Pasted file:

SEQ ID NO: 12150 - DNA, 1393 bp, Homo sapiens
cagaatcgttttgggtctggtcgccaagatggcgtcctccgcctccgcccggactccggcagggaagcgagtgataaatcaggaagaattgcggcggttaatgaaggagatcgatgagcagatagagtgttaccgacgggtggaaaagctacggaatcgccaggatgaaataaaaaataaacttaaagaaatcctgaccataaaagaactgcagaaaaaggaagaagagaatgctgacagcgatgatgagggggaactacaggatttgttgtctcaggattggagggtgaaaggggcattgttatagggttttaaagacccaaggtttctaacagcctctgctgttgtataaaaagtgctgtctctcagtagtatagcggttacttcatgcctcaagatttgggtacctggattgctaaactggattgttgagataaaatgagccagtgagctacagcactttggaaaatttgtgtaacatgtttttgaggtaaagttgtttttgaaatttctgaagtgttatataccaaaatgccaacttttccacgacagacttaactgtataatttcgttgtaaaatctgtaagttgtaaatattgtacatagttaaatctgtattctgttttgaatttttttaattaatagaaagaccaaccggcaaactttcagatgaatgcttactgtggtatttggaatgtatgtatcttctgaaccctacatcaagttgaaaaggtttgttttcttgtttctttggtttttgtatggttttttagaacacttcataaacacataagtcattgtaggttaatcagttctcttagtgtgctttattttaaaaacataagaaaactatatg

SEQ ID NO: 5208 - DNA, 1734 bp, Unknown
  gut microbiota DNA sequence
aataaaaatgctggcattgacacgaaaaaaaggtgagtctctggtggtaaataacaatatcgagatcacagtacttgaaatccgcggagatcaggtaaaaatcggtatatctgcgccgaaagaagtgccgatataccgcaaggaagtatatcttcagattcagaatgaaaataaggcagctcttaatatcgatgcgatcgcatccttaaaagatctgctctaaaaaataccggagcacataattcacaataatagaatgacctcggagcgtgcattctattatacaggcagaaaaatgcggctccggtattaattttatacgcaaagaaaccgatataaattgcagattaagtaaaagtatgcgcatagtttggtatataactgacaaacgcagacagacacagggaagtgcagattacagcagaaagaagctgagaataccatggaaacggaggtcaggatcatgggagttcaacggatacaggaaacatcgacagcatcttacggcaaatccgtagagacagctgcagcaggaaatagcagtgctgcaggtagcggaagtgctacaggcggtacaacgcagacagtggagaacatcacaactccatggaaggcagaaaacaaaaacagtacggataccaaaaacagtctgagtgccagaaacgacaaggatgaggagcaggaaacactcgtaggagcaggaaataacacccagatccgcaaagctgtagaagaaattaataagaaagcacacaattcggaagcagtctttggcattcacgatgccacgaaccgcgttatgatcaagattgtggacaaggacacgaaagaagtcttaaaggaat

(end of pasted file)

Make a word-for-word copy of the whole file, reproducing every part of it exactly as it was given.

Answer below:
SEQ ID NO: 12150 - DNA, 1393 bp, Homo sapiens
cagaatcgttttgggtctggtcgccaagatggcgtcctccgcctccgcccggactccggcagggaagcgagtgataaatcaggaagaattgcggcggttaatgaaggagatcgatgagcagatagagtgttaccgacgggtggaaaagctacggaatcgccaggatgaaataaaaaataaacttaaagaaatcctgaccataaaagaactgcagaaaaaggaagaagagaatgctgacagcgatgatgagggggaactacaggatttgttgtctcaggattggagggtgaaaggggcattgttatagggttttaaagacccaaggtttctaacagcctctgctgttgtataaaaagtgctgtctctcagtagtatagcggttacttcatgcctcaagatttgggtacctggattgctaaactggattgttgagataaaatgagccagtgagctacagcactttggaaaatttgtgtaacatgtttttgaggtaaagttgtttttgaaatttctgaagtgttatataccaaaatgccaacttttccacgacagacttaactgtataatttcgttgtaaaatctgtaagttgtaaatattgtacatagttaaatctgtattctgttttgaatttttttaattaatagaaagaccaaccggcaaactttcagatgaatgcttactgtggtatttggaatgtatgtatcttctgaaccctacatcaagttgaaaaggtttgttttcttgtttctttggtttttgtatggttttttagaacacttcataaacacataagtcattgtaggttaatcagttctcttagtgtgctttattttaaaaacataagaaaactatatg

SEQ ID NO: 5208 - DNA, 1734 bp, Unknown
  gut microbiota DNA sequence
aataaaaatgctggcattgacacgaaaaaaaggtgagtctctggtggtaaataacaatatcgagatcacagtacttgaaatccgcggagatcaggtaaaaatcggtatatctgcgccgaaagaagtgccgatataccgcaaggaagtatatcttcagattcagaatgaaaataaggcagctcttaatatcgatgcgatcgcatccttaaaagatctgctctaaaaaataccggagcacataattcacaataatagaatgacctcggagcgtgcattctattatacaggcagaaaaatgcggctccggtattaattttatacgcaaagaaaccgatataaattgcagattaagtaaaagtatgcgcatagtttggtatataactgacaaacgcagacagacacagggaagtgcagattacagcagaaagaagctgagaataccatggaaacggaggtcaggatcatgggagttcaacggatacaggaaacatcgacagcatcttacggcaaatccgtagagacagctgcagcaggaaatagcagtgctgcaggtagcggaagtgctacaggcggtacaacgcagacagtggagaacatcacaactccatggaaggcagaaaacaaaaacagtacggataccaaaaacagtctgagtgccagaaacgacaaggatgaggagcaggaaacactcgtaggagcaggaaataacacccagatccgcaaagctgtagaagaaattaataagaaagcacacaattcggaagcagtctttggcattcacgatgccacgaaccgcgttatgatcaagattgtggacaaggacacgaaagaagtcttaaaggaat